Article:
Main definitions of expose in English

: expose1exposé2


See synonyms for expose

Translate expose into Spanish

transitive verb

[with object]
  • 1Make (something) visible by uncovering it.

    • ‘at low tide the sands are exposed’
    reveal, uncover, lay bare, bare, leave unprotected
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    1. 1.1often expose someone toCause someone to be vulnerable or at risk.
      • ‘many newcomers are exposing themselves to injury’
      make vulnerable, make subject, subject, lay open
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    2. 1.2expose someone toIntroduce someone to (a subject or area of knowledge)
      • ‘students were exposed to statistics in high school’
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    3. 1.3expose oneselfPublicly and indecently display one's genitals.
    4. 1.4Leave (a child) in the open to die.
  • 2Reveal the true, objectionable nature of (someone or something)

    • ‘he has been exposed as a liar and a traitor’
    uncover, reveal, show, display, exhibit, disclose, manifest, unveil, unmask
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    1. 2.1Make (something embarrassing or damaging) public.
      • ‘investigations exposed a vast network of illegalities’
  • 3Subject (photographic film) to light when operating a camera.



/ikˈspōz/ /ɪkˈspoʊz/


Late Middle English from Old French exposer, from Latin exponere (see expound), but influenced by Latin expositus ‘put or set out’ and Old French poser ‘to place’.

Main definitions of exposé in English

: expose1exposé2


See synonyms for exposé

Translate exposé into Spanish


  • A report of the facts about something, especially a journalistic report that reveals something scandalous.

    ‘a shocking exposé of a medical cover-up’
    • ‘But while there have been major media exposés concerning European funding for left-wing, pro-peace organizations, we know very little about the sources of right-wing media funding.’
    • ‘Media exposés like the BBC's The Secret Agent have helped to transform a ragbag party into the talking point of British politics.’
    • ‘For several days recently, a self-proclaimed student of the college has been offering exposés of scandals among college students to the media.’
    • ‘The details revealed in the Times exposé underscore the enormous dangers facing the working class.’
    • ‘Hersh's original piece was relatively tame, as scandalous exposés go.’
    • ‘This is a shocking exposé of the food industry that will make readers look seriously at the contents of their supermarket trolleys.’
    • ‘This book is scandalous not because of shocking exposés, but rather because of its very publication.’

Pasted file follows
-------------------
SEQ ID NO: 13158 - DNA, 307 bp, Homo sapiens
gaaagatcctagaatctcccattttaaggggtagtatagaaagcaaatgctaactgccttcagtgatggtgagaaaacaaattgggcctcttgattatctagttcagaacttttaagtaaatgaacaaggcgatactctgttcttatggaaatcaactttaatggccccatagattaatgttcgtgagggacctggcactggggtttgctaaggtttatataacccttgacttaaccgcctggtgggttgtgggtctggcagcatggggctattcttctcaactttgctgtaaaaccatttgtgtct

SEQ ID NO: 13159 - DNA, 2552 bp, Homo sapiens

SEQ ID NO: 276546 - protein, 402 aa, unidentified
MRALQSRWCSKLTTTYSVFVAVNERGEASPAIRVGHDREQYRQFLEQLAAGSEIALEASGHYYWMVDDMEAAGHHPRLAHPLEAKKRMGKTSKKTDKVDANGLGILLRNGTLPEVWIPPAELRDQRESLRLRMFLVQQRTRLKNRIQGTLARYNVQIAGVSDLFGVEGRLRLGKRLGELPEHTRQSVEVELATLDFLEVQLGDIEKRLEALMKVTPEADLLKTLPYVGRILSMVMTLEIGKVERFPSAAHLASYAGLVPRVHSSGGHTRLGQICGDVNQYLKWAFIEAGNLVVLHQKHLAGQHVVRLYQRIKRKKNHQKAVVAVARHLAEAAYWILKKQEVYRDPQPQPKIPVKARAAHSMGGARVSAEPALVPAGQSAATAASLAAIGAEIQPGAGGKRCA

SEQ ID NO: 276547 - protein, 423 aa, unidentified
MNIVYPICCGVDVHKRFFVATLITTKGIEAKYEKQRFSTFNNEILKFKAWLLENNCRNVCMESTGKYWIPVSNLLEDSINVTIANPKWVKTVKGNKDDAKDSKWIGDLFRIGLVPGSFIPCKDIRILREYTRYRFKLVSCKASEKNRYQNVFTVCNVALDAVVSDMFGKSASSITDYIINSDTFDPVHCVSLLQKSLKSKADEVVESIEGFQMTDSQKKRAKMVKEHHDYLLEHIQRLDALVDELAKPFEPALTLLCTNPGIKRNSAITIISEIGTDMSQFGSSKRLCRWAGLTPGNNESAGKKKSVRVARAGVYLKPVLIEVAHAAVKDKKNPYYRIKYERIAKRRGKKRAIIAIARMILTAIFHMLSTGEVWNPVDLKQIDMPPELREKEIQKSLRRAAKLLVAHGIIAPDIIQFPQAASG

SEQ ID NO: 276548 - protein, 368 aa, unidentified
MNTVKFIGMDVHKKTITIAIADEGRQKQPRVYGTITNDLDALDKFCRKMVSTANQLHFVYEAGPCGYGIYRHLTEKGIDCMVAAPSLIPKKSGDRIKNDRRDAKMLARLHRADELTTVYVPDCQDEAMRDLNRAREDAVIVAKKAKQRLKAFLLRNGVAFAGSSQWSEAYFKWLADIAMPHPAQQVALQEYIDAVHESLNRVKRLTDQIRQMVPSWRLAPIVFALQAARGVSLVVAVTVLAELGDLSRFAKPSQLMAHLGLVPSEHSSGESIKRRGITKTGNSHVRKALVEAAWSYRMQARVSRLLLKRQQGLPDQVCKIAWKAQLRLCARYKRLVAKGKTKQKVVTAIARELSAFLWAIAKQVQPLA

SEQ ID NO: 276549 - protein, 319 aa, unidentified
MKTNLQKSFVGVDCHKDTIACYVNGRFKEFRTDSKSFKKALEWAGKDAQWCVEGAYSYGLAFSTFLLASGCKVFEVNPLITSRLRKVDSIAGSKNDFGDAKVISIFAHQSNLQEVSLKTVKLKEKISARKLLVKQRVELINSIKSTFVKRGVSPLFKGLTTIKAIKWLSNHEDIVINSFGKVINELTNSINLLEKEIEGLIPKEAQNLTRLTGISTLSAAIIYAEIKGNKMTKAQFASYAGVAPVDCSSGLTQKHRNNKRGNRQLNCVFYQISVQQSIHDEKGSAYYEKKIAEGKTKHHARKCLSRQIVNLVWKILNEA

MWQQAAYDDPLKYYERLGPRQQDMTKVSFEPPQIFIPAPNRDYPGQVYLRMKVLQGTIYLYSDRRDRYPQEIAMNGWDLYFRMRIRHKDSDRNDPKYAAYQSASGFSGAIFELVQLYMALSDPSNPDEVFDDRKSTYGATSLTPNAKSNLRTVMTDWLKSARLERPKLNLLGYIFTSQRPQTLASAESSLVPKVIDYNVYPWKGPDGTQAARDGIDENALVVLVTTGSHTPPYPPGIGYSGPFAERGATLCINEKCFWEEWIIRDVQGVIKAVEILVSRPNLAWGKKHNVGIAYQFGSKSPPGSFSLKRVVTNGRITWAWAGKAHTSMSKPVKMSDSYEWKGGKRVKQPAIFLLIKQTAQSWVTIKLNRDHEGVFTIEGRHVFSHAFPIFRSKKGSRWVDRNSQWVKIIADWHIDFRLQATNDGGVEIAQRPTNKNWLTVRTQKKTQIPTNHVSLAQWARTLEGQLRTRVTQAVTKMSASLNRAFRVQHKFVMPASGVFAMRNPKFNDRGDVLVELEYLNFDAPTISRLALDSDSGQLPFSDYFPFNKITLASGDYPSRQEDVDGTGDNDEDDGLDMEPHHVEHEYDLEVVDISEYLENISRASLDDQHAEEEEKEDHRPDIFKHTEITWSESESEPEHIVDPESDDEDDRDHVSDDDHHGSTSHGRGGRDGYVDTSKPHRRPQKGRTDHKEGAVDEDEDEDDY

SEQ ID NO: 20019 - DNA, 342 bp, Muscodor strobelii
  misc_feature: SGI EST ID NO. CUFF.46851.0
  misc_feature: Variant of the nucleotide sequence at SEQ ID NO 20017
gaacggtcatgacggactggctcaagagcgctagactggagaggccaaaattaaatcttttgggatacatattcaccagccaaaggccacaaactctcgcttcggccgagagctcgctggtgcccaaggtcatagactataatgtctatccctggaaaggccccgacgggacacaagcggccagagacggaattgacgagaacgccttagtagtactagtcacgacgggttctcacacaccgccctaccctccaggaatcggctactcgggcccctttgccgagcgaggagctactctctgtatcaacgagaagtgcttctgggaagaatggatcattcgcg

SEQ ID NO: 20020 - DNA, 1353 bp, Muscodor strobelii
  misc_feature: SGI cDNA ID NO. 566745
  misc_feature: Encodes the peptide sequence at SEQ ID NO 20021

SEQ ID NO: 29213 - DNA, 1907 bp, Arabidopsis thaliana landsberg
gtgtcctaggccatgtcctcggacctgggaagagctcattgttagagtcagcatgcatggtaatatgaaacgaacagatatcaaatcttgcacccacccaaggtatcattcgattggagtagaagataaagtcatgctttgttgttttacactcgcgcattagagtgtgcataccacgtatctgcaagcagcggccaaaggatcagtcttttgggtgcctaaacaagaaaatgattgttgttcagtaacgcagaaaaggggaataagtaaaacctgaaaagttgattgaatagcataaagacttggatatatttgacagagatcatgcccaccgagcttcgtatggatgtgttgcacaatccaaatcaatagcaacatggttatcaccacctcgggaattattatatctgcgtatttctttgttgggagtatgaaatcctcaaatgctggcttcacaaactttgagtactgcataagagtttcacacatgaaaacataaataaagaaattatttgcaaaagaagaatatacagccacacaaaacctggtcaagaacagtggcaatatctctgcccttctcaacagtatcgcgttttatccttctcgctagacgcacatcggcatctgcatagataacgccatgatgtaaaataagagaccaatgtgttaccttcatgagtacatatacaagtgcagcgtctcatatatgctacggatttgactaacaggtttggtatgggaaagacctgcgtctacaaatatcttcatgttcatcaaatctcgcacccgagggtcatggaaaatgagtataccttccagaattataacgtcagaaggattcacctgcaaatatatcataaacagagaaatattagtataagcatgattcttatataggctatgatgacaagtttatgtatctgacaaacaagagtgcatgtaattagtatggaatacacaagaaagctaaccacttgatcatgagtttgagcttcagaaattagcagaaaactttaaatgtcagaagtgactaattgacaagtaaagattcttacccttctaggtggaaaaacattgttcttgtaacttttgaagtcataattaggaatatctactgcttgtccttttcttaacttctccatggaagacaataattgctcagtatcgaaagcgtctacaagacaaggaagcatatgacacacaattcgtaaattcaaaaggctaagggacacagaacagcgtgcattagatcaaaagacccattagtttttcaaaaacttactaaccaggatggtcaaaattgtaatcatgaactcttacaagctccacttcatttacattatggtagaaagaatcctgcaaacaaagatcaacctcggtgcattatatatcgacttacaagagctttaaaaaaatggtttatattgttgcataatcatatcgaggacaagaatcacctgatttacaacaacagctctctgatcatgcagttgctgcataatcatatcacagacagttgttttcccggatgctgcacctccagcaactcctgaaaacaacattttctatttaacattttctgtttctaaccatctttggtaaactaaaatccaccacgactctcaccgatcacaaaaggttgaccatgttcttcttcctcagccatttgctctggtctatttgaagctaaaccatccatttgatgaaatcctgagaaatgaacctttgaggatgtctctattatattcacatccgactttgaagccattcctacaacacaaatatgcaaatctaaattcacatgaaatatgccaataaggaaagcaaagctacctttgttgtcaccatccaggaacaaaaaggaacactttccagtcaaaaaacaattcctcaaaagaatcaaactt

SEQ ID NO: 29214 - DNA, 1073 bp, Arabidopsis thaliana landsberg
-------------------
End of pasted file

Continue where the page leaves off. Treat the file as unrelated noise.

• ‘The secret life of librarians is revealed in this shocking exposé.’
    • ‘For all its vaunted independence, the newspaper produced very few exposés and scoops, and it developed very little in the way of new talent.’
    • ‘A series of financial scandals, newspaper exposés and internal feuds eventually sunk the Klan of the 1920s, despite its political power.’
    • ‘Yet one striking feature of the BBC exposé was how few racists the secret interviewer/agent provocateur managed to expose.’
    • ‘He was consulted when various publications and the media in the West including the BBC decided to do exposés on these groups.’
    • ‘Their razor-sharp wit, travel essays, dysfunctional family exposés and cultural critiques are easy, intelligent reading.’
    • ‘Just released in the US when I was there were two eye-popping exposés of the industry and its corrupting effect on medical science.’
    • ‘One might think that exposés of this kind would lead the media to take a fresh look at some of the US-UK governments' earlier claims justifying war.’
    • ‘He was sentenced to four years jail on a charge of perverting the course of justice after years of exposés of his links with organised crime and senior police.’
    • ‘Not only do I hold a press card authorised by Scotland Yard, but I have carried out several undercover exposés in the past three years.’
    • ‘Responding to early protests and a number of exposés regarding its treatment of workers, the shoe company adopted a code of conduct for itself and its manufacturers in 1992.’
    • ‘The plant's move to China was denounced in lengthy magazine exposés from both the right and left.’
    • ‘The contents were largely ‘taboo’ subjects with many hitherto unknown exposés that named hundreds of local, provincial and national officials and up to a thousand peasants.’
    revelation, disclosure, exposure, uncovering, divulgence
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/ˌekspōˈzā/ /ˌɛkspoʊˈzeɪ/


Early 19th century from French, ‘shown, set out’, past participle of exposer (see expose).